Read time: 5 minutes, 10 seconds
- Workout: 5 core workouts to try
- Quote: James Clear on building habits
- Framework: Going slow to go fast
- Q&A: How do I avoid plateauing in the gym?
Workout: 5 core workouts to quit crunching & build abs (with links to videos)
Crunches and sit-ups every day get boring. Plus, you need to work the muscles differently to see results.
Here are five killer core workouts to mix it up and develop strong, defined abdominal muscles.
1. Bear Crawl Kettle Bell Pull Throughs
Get into a bear crawl position with your knees slightly off the ground and a kettlebell on one side of you. Using the opposite arm, pull the handle of the kettlebell through to the other side while keeping your hips steady. Repeat on each side for 12 reps.
Get into a bear crawl position with a resistance band around your knees. Lift one leg to the side, keeping your knee bent at a 90-degree angle. Repeat on each side for 12 reps.
Lie on your back with a resistance band around your feet. Lift both legs and arms to meet in the middle while keeping your lower back pressed into the ground. Lower one leg and the opposite arm above your head while keeping the others in the air. If difficult, remove the resistance band. Repeat for 12 reps.
This is a personal favorite. The weighted rope cable pull-down provides resistance to work your abs in a way that traditional crunches cannot.
Attach a rope to the high cable pulley. Hold each end of the rope with both hands in an overhead position and lower to your knees. Pull the ropes down, bringing your elbows to your side while squeezing through your abs. Don’t forget to tuck your chin and keep your back straight! Return slowly to the starting position and repeat for 12 reps.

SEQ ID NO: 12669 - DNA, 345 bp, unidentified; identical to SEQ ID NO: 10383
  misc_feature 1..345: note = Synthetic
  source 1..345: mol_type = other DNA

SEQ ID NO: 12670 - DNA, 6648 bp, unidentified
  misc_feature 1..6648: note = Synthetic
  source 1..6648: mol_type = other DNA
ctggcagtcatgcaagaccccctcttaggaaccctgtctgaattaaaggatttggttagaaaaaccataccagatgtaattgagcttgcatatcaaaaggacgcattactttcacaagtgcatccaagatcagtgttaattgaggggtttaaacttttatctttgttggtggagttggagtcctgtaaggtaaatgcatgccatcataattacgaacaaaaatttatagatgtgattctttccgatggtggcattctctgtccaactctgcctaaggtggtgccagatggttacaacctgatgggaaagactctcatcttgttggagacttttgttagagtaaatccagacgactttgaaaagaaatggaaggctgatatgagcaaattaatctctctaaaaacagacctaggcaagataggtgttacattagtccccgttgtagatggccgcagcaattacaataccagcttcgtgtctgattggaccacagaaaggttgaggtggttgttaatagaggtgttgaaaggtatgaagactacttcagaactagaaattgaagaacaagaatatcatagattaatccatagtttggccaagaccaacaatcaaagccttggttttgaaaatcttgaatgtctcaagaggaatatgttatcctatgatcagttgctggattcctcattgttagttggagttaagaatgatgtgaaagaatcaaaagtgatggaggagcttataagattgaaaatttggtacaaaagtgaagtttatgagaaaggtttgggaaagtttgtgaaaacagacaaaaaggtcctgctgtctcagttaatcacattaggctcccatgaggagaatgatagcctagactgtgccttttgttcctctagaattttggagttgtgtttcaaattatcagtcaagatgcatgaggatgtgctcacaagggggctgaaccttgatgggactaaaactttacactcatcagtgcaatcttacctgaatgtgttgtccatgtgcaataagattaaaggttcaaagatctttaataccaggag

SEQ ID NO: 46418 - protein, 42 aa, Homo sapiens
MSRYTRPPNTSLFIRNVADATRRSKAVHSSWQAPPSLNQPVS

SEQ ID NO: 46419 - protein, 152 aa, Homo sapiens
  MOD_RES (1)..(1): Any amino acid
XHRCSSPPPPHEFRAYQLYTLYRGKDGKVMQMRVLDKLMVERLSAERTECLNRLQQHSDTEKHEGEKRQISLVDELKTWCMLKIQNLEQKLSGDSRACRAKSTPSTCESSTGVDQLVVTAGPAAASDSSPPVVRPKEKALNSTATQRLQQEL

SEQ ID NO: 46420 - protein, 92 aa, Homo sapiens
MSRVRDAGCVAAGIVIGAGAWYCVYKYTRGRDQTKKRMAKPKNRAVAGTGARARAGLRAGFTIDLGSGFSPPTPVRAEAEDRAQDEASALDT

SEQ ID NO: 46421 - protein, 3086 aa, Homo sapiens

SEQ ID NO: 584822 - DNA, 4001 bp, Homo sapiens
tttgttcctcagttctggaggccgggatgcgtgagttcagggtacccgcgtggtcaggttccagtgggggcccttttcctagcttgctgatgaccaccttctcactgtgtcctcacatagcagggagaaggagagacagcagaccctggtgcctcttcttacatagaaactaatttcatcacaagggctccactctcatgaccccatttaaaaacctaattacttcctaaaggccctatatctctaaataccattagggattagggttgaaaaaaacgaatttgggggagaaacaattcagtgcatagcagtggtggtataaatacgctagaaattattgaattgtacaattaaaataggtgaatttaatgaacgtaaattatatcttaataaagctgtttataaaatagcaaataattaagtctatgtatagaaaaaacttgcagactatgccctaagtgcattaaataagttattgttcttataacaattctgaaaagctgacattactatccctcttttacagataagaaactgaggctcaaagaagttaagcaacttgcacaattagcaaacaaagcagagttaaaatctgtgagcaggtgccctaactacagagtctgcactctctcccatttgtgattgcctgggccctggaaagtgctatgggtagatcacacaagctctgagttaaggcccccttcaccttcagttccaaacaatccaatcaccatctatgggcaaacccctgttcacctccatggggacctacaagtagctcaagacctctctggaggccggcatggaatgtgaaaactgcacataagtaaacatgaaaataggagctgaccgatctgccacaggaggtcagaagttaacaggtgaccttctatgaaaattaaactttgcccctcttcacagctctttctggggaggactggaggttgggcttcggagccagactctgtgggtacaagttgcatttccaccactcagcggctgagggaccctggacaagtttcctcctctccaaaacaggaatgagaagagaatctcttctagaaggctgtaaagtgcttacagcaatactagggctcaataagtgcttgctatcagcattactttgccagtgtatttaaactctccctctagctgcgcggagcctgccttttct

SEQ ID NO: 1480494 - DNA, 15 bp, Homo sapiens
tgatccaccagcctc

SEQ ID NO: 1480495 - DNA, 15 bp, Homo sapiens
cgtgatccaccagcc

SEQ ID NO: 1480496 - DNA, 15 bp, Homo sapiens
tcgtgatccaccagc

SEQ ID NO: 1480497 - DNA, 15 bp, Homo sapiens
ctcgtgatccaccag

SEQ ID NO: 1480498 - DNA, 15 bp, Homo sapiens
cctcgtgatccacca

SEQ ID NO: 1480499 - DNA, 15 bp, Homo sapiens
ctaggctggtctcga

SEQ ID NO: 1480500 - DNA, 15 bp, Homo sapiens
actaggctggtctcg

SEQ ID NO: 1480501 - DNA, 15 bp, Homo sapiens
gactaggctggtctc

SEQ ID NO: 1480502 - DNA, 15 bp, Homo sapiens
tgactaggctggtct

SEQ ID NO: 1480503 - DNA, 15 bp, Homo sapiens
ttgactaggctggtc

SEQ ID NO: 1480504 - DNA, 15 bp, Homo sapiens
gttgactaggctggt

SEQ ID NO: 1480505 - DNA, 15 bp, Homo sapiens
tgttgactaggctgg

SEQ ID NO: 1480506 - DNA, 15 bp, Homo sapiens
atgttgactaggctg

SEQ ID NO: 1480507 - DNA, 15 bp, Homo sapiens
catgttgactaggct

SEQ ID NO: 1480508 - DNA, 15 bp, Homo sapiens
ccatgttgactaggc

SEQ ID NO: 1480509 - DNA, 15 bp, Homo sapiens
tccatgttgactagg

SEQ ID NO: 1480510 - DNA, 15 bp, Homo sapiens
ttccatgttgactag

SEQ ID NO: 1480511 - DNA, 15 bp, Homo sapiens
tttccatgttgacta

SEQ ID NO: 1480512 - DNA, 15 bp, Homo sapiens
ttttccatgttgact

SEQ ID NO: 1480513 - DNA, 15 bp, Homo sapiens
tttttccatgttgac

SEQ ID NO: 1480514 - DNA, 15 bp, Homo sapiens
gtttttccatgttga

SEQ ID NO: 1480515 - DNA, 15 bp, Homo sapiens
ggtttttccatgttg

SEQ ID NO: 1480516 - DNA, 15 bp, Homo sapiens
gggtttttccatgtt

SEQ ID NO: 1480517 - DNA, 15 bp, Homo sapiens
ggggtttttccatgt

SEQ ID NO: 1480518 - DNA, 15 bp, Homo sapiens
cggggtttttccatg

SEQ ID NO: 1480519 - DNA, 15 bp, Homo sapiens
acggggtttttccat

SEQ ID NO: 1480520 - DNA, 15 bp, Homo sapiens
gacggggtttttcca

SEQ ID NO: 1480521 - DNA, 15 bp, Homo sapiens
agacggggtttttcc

Grab a medicine ball or dumbbell, and lie on your back with your arms extended behind your head. Lift both legs and upper body off the ground, creating a “V” shape with your body. Slowly lower back to the starting position and repeat for 12 reps.
If you’re having trouble changing your habits, the problem isn’t you – the problem is your system.
– James Clear
James Clear, the author of Atomic Habits, is a known expert on building habits and achieving personal growth.
In this week’s quote, he reminds us that sometimes, we need to shift our focus from ourselves towards the systems and processes we have in place for creating change.
It can be your routine (most common). It can be your location.
And the hardest to accept? It may be the people you surround yourself with.
Clear emphasizes that the systems we have in place shape our behavior.
It’s critical to take a step back every now and then and evaluate whether your current systems are helping or hindering us in achieving our goals.
Optimizing your routine and surroundings improves your ability to stick to healthy habits like exercising regularly, eating properly, and taking care of your mental well-being.
So, take a moment to reflect on your current systems and see if there are any changes you can make to support your journey.